This project is the first and only study that we are

aware of that has evaluated whether grazing distri-

bution has the potential to be improved through in-

tensive selection. The study was replicated and the

results showed that selection for distribution has

great promise and that additional research is war-

ranted. However, there is a great deal more to learn,

and many questions must be answered. Below are a

few ideas that may be useful to ranchers grazing ex-

tensive or rugged rangeland that resulted from this


Management Implications

Select adapted animals for seed

stock or replacements

Results from this project show that cattle breeds

developed in mountainous terrain utilize rugged

rangeland more evenly than breeds developed in

more gentle terrain. Ranchers in mountainous

rangeland area may be able to alleviate some of their grazing

distribution problems by incorporating breeds such Taren-

taise and Salers that were developed in rugged terrain into

their breeding programs. Two breeds developed in different

parts of Europe as well as their crosses were observed at the

Thackeray Ranch during this first part of this study. Taren-

taise cattle developed in the French Alps consistently climbed

higher and used higher elevations (greater vertical distance to

water) than Herefords that were developed in more gentle

terrain in England [7]. On average, Tarentaise cows used ter-

rain that was 32 feet higher than Hereford cows. This may

not seem that great of difference until you consider that 32

feet of vertical distance could make the difference between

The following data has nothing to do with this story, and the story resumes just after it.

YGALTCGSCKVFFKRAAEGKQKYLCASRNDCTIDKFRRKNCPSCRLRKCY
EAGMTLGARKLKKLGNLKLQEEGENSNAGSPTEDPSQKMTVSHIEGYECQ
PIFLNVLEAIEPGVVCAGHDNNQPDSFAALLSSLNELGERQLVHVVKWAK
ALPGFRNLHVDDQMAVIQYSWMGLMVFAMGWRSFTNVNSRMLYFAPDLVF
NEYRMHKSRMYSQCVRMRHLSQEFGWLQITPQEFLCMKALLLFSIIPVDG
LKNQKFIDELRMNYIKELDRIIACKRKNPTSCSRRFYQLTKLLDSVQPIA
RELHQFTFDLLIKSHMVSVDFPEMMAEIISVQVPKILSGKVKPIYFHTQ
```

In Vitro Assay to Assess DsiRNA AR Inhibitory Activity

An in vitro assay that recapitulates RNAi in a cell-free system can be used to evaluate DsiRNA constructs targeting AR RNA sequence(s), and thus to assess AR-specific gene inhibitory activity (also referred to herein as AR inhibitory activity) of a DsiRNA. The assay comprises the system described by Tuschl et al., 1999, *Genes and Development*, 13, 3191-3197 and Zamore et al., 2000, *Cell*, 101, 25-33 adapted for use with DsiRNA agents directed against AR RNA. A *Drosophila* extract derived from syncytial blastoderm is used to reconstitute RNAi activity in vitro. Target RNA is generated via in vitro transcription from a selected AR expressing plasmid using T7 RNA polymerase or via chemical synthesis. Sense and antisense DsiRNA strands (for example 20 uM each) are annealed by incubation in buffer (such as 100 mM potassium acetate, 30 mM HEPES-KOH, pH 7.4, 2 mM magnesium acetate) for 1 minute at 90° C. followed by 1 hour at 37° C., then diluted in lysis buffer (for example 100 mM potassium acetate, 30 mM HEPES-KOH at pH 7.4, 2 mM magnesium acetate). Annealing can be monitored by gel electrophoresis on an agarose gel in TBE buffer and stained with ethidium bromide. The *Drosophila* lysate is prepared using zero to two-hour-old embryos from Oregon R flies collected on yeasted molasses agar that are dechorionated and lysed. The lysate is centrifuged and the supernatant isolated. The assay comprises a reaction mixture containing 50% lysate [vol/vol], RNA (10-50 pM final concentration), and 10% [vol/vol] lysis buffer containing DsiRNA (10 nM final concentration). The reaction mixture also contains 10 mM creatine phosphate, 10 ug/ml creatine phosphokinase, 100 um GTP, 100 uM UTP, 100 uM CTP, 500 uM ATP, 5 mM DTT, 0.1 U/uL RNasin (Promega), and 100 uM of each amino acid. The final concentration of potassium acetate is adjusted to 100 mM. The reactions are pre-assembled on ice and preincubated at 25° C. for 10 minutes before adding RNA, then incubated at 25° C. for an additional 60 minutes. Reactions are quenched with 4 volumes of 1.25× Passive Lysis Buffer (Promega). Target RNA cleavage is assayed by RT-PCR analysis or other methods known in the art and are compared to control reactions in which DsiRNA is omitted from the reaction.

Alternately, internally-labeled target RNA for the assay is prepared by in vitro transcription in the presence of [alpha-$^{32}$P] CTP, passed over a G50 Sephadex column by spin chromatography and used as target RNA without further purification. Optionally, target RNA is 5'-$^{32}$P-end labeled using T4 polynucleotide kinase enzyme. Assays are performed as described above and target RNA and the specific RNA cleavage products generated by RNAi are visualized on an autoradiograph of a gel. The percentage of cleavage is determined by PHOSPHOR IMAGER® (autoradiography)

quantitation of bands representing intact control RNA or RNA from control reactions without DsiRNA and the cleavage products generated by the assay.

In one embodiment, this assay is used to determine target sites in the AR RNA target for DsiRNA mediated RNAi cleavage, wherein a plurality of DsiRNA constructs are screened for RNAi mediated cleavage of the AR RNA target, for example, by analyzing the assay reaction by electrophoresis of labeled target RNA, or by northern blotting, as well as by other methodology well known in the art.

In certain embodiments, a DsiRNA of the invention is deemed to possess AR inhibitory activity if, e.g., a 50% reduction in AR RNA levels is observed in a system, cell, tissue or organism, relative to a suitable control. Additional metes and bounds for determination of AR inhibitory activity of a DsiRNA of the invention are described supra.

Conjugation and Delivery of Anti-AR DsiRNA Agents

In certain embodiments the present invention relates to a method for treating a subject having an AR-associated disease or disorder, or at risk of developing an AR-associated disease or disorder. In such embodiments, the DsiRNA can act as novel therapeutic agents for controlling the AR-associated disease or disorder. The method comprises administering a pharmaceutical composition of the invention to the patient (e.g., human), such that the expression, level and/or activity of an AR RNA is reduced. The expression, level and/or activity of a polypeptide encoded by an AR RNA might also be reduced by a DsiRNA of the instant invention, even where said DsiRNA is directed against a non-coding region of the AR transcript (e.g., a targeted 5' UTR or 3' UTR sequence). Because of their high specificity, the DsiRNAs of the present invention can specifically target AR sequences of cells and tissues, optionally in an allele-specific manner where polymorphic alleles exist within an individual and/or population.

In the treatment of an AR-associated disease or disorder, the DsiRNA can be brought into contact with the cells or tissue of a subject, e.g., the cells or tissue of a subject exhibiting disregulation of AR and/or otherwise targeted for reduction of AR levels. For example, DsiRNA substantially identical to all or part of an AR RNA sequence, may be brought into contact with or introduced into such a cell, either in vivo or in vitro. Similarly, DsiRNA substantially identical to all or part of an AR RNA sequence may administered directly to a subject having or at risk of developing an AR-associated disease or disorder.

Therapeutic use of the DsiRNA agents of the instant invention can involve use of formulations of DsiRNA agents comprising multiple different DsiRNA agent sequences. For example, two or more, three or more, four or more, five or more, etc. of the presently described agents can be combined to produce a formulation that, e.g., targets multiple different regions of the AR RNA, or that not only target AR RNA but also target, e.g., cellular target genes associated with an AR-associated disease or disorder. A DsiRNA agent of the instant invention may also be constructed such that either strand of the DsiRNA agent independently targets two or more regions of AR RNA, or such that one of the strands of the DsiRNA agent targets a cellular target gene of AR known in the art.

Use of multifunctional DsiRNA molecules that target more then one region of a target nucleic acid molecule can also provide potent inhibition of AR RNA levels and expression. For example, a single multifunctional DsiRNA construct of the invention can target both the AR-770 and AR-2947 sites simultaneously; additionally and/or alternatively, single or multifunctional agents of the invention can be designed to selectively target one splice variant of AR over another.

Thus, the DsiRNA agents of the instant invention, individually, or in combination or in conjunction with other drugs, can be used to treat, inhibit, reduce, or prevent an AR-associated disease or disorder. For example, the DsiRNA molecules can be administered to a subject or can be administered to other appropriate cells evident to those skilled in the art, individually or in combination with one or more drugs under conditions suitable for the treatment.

grazing upland slopes and grazing riparian areas or sensitive

coulee bottoms.

In addition to their use of rough topography, these breeds are

also known for favorable maternal characteristics. In hot de-

sert rangeland, ranchers may want to use breeds with Brah-

man breeding so that the cattle are adapted to hot, dry cli-

mates and more willing to travel far from water

Daughters of the Hereford, Tarentaise and Hereford x Tar-

entaise cows were evaluated in a later part this study. Sires of

these daughters were Angus, Charolais, Piedmontese and Sal-

ers bulls. Cows sired by Piedmontese and Charolais bulls

were observed farther horizontally from water in foothill pas-

tures than cows sired by Angus bulls [8, 9]. Using an index of

terrain use, Piedmontese -sired cows tended to use more rug-

ged terrain than Angus -sired cows. Piedmontese cattle were

developed in the foothills of the Italian Alps, while Angus

cattle were developed in eastern Scotland. These differences

in sire breeds are especially surprising considering that only

half of the cow’s genotype was contributed by the bull.

Figure 1. Example of the potential differences in distribution patterns

of cows grazing similar pastures during similar time periods. The size

of these two study pastures were roughly 420 acres each with changes

in topographic relief over 330 feet. Dots represent locations of a hill

climber cow ( ▲) and bottom dweller cow ( ▲) recorded at 10 minute

intervals over a two -week period during August. Blue lines ( ~ ) are

locations of streams and were the only water sources in the pastures.

Research technician, Robin Weinmeister, records the position

of a Tarentaise cow during an early morning scan sample.

This cow was also tracked with a GPS collar, which recorded

her position at 10 -minute intervals.

Selecting Cattle to Improve Grazing Distribution Patterns, Rangeland Health and Water Quality SARE 3